Driscoll ousted by faith network he co-founded
Acts 29 Network, an organization that helped start and build some 500 churches around the world, said Mars Hill and Pastor Mark Driscoll are no longer among its members.
Seattle Times staff reporter
Less than a week after protesters picketed Mars Hill Church and called for the ouster of its leader, the megachurch and its controversial pastor, Mark Driscoll, were removed from a nationwide network of churches Driscoll had helped organize.
Since it was co-founded by Driscoll 15 years ago, that umbrella organization, called Acts 29 Network, has helped start and build more than 500 churches around the world based on a shared set of core principles.
But Friday, the board of that network suggested Mars Hill had not taken strong enough actions against Driscoll after a string of allegations that he regularly bullied or shunned churchgoers and spent church funds inappropriately.
“It is our conviction that the nature of the accusations against Mark, most of which have been confirmed by him, make it untenable and unhelpful to keep Mark and Mars Hill in our network,” the Acts 29 group wrote. “In taking this action, our prayer is that it will encourage the leadership of Mars Hill to respond in a distinctive and godly manner so that the name of Christ will not continue to be dishonored.”
The decision, while largely symbolic, is the latest in a spate of bad news for the church Driscoll founded as a Bible study group in Wallingford 18 years ago. Today, Mars Hill claims more than 6,000 members and says as many as 13,000 people attend services at its 15 locations, most in Washington.
The church is known for its blaring rock music, its big-screen sermons and its charismatic founder, whose preaching can slip fluidly from casual or comic to thundering and who has come under fire through the years for statements he has made about homosexuality, the role of women and sensitive men.
In response to Friday’s move, Mars Hill officials said they have acknowledged “unhealthy culture issues” within the church and have been working to address them.
But the church group expressed dismay that Acts 29 would dismiss Driscoll and Mars Hill without first reaching out to discuss the matter, and said the church’s problems largely stem from old issues that Driscoll has long since put behind him.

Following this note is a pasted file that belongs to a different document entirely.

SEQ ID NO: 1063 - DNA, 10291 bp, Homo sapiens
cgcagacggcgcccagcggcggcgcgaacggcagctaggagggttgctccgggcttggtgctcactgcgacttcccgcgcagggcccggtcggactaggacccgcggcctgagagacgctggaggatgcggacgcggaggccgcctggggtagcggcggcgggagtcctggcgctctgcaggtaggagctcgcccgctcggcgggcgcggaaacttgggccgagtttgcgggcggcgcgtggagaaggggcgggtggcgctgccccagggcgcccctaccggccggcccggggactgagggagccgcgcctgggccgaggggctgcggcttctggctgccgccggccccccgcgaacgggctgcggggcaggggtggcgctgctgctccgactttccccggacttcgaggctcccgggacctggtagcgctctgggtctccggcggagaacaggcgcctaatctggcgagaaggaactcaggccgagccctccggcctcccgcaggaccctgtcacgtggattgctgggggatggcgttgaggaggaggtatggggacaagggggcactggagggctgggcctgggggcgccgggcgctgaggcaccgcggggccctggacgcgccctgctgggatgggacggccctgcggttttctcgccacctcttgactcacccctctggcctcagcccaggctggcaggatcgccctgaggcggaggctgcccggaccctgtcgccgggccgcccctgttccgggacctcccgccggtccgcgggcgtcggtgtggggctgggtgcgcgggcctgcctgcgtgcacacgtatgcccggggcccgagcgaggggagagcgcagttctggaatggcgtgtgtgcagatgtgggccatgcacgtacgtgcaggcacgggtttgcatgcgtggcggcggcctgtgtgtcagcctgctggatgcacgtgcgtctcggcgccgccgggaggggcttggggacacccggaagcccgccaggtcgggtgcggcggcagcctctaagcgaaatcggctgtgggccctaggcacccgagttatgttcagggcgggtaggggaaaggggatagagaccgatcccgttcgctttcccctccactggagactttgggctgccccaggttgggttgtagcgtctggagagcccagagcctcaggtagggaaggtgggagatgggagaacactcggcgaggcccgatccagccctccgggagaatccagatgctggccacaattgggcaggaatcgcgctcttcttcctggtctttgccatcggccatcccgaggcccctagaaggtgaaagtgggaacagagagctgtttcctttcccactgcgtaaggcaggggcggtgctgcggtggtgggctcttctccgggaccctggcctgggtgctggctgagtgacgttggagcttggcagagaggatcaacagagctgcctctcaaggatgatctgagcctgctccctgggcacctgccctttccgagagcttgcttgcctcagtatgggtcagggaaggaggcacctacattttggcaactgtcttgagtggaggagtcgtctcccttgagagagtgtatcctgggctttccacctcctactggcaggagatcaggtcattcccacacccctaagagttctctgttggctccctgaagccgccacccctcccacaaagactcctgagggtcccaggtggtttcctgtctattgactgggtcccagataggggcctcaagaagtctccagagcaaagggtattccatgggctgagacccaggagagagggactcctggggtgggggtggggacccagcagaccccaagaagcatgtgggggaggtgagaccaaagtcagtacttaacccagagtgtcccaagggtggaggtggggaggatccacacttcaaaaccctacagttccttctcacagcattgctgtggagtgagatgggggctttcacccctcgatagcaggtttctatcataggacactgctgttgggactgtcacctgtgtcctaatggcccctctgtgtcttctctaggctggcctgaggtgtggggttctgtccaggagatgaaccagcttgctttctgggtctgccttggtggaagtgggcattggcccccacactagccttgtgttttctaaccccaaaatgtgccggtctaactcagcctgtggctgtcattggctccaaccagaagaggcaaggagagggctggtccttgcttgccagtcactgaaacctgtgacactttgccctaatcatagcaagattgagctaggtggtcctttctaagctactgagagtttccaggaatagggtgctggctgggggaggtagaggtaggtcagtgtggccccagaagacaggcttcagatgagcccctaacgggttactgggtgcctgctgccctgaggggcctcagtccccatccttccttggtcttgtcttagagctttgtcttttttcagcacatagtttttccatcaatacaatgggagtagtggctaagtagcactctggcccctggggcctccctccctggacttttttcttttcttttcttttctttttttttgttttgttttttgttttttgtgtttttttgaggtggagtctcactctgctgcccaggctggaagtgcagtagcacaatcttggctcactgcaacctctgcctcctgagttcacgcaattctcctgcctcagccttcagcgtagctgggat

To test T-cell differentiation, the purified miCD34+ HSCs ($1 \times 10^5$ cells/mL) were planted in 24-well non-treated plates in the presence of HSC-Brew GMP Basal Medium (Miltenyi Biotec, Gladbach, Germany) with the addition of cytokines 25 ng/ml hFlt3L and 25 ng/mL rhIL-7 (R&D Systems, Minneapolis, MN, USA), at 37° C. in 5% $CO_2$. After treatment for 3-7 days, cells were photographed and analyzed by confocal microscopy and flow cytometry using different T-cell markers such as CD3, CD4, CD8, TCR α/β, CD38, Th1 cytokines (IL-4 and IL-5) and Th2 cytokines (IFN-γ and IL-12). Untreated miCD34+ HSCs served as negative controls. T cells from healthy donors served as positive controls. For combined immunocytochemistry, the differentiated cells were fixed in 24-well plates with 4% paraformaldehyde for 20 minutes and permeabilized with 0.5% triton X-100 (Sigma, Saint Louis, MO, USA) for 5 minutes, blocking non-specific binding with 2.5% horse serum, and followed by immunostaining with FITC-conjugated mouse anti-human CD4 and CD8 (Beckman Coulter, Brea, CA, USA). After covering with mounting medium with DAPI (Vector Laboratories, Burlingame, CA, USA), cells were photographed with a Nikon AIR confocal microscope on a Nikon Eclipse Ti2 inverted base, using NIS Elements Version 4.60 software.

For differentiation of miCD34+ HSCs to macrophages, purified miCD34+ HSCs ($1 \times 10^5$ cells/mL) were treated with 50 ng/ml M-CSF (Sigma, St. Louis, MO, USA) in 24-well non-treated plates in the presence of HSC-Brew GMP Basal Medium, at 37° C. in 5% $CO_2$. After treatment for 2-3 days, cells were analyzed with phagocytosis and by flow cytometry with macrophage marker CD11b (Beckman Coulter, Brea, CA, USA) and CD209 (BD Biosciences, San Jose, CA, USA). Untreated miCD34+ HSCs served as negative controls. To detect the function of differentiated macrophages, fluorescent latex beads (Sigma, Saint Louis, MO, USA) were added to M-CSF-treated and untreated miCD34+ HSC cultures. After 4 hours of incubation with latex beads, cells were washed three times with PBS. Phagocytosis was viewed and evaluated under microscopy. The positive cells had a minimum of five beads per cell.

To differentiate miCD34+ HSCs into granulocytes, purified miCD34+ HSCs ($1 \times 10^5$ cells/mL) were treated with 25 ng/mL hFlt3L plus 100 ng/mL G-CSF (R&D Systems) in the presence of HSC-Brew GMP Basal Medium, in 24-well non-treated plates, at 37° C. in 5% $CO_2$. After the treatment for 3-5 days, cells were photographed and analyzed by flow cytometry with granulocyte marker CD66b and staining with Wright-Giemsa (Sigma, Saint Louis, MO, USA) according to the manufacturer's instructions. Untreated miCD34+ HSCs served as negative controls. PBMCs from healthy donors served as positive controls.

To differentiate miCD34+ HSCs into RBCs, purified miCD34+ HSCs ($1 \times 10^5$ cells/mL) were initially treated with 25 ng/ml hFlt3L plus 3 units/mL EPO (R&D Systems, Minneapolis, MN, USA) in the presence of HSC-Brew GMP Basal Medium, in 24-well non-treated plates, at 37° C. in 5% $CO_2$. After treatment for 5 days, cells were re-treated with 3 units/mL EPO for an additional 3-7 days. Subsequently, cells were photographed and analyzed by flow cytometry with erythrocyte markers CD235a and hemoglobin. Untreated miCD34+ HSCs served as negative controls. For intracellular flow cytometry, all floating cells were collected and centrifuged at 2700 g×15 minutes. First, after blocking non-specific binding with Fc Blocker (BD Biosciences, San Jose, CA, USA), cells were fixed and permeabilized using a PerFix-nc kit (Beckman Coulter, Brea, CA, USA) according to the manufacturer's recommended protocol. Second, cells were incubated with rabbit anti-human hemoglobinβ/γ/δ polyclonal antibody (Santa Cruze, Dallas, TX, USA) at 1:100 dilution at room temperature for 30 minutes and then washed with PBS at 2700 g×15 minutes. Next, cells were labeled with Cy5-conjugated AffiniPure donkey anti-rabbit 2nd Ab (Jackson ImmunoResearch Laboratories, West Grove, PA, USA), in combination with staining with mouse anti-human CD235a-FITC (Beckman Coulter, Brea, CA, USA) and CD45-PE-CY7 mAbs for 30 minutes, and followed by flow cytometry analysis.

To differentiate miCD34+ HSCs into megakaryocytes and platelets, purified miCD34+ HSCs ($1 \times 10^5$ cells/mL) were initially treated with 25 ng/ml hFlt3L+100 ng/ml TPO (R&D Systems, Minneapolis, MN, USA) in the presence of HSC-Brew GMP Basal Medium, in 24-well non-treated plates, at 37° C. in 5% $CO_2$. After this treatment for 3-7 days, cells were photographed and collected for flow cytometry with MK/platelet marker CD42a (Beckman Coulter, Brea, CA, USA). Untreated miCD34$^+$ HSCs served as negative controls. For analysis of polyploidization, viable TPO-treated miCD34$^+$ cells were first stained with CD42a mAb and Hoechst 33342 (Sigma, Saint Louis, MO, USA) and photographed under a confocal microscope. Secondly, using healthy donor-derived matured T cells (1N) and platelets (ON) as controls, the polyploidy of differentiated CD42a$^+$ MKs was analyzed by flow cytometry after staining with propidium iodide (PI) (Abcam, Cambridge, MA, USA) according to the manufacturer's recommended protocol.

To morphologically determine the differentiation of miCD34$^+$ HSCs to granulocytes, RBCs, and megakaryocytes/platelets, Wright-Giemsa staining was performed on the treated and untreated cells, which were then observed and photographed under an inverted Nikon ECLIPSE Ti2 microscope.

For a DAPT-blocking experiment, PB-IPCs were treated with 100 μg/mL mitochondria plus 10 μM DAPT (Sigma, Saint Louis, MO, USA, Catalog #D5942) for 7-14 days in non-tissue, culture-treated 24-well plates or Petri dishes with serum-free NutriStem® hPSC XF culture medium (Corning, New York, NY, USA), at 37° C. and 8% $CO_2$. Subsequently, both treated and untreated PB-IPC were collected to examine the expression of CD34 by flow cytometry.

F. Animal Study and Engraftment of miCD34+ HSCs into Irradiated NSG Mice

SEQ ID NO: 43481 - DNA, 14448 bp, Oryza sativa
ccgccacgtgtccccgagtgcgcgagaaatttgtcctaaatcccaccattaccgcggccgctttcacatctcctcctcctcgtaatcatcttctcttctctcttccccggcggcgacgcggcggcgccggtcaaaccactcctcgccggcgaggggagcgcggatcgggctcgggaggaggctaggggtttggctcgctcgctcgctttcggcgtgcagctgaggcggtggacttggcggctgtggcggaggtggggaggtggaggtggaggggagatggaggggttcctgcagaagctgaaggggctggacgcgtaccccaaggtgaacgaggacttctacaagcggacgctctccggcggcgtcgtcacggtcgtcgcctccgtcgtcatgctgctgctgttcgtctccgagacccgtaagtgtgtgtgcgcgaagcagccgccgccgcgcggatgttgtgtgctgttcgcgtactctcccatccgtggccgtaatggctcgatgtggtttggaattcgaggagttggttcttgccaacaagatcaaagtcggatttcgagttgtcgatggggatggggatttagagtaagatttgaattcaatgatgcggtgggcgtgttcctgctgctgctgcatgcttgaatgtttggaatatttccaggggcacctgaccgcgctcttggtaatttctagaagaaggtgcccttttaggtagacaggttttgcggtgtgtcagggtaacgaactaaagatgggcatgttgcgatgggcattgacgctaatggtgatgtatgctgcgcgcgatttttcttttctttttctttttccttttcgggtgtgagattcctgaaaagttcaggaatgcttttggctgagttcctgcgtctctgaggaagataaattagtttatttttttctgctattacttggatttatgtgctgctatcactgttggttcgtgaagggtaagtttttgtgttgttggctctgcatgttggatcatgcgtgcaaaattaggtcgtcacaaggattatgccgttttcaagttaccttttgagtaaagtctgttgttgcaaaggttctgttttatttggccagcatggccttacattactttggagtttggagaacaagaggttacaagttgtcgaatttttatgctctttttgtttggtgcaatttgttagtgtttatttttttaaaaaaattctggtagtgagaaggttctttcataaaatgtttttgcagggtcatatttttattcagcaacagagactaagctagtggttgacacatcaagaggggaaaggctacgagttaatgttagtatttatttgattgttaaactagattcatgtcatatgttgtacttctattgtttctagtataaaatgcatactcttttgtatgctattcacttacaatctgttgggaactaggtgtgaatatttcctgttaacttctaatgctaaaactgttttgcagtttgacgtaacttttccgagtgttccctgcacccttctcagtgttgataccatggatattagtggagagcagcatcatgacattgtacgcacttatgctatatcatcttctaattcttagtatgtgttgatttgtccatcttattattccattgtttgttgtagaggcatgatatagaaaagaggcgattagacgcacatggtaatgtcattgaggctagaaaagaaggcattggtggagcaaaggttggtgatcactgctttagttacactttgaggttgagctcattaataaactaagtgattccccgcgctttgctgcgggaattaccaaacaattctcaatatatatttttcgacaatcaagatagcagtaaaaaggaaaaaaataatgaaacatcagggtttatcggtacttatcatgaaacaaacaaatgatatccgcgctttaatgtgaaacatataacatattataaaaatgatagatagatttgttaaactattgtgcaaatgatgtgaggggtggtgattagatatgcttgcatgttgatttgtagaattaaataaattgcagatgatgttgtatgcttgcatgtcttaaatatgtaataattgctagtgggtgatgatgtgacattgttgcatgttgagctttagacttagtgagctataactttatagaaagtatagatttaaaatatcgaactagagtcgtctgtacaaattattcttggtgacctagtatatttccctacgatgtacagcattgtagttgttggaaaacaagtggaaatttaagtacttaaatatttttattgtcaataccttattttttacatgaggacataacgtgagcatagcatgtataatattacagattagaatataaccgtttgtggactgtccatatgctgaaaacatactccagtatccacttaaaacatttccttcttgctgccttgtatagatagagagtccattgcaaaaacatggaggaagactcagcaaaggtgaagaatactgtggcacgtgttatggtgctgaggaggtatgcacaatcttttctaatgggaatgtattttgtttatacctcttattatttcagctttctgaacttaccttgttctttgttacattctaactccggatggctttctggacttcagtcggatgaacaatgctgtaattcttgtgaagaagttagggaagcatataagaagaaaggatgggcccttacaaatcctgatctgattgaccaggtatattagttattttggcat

“There is clear evidence that the attitudes and behaviors attributed to Mark in the charges are not a part and have not been a part of Mark’s life for some time now,” two members of the Mars Hill Board of Advisors and Accountability wrote in a note to church members.
But issues continue to bubble up.
Less than two weeks ago, Driscoll apologized to his congregants for “cussing” and making other crude remarks about gender roles in an online forum 14 years ago under the name William Wallace II.
Mars Hill has agreed that it used church money to have a company buy up one of Driscoll’s books to boost sales. And earlier this summer, Mars Hill told church members that it had confirmed that some money given to help start churches overseas had instead gone for Mars Hill expenses.
The recent protests were sparked in part because one recent video of Driscoll himself suggested he could not respond to some criticism because it was anonymous. In response, demonstrators carried signs that read “WE ARE NOT ANONYMOUS.”
Then on Thursday, a former Mars Hill member, who started attending the church in 1996 and claimed he was rebuffed when seeking help from Driscoll, urged the pastor to resign.
“The sharks are circling now, and it appears there are many who want only your destruction,” former church member Ron Wheeler wrote in an open letter to Driscoll on his personal website. “I don’t. I want to see brokenness, humility, and change that I can support.”
But church officials have made clear that Driscoll has no plans to leave — and they have no plans to ask him to. In fact, they reminded church members that they had predicted there would be controversy from within, stating that “Friendly fire always hurts the most.”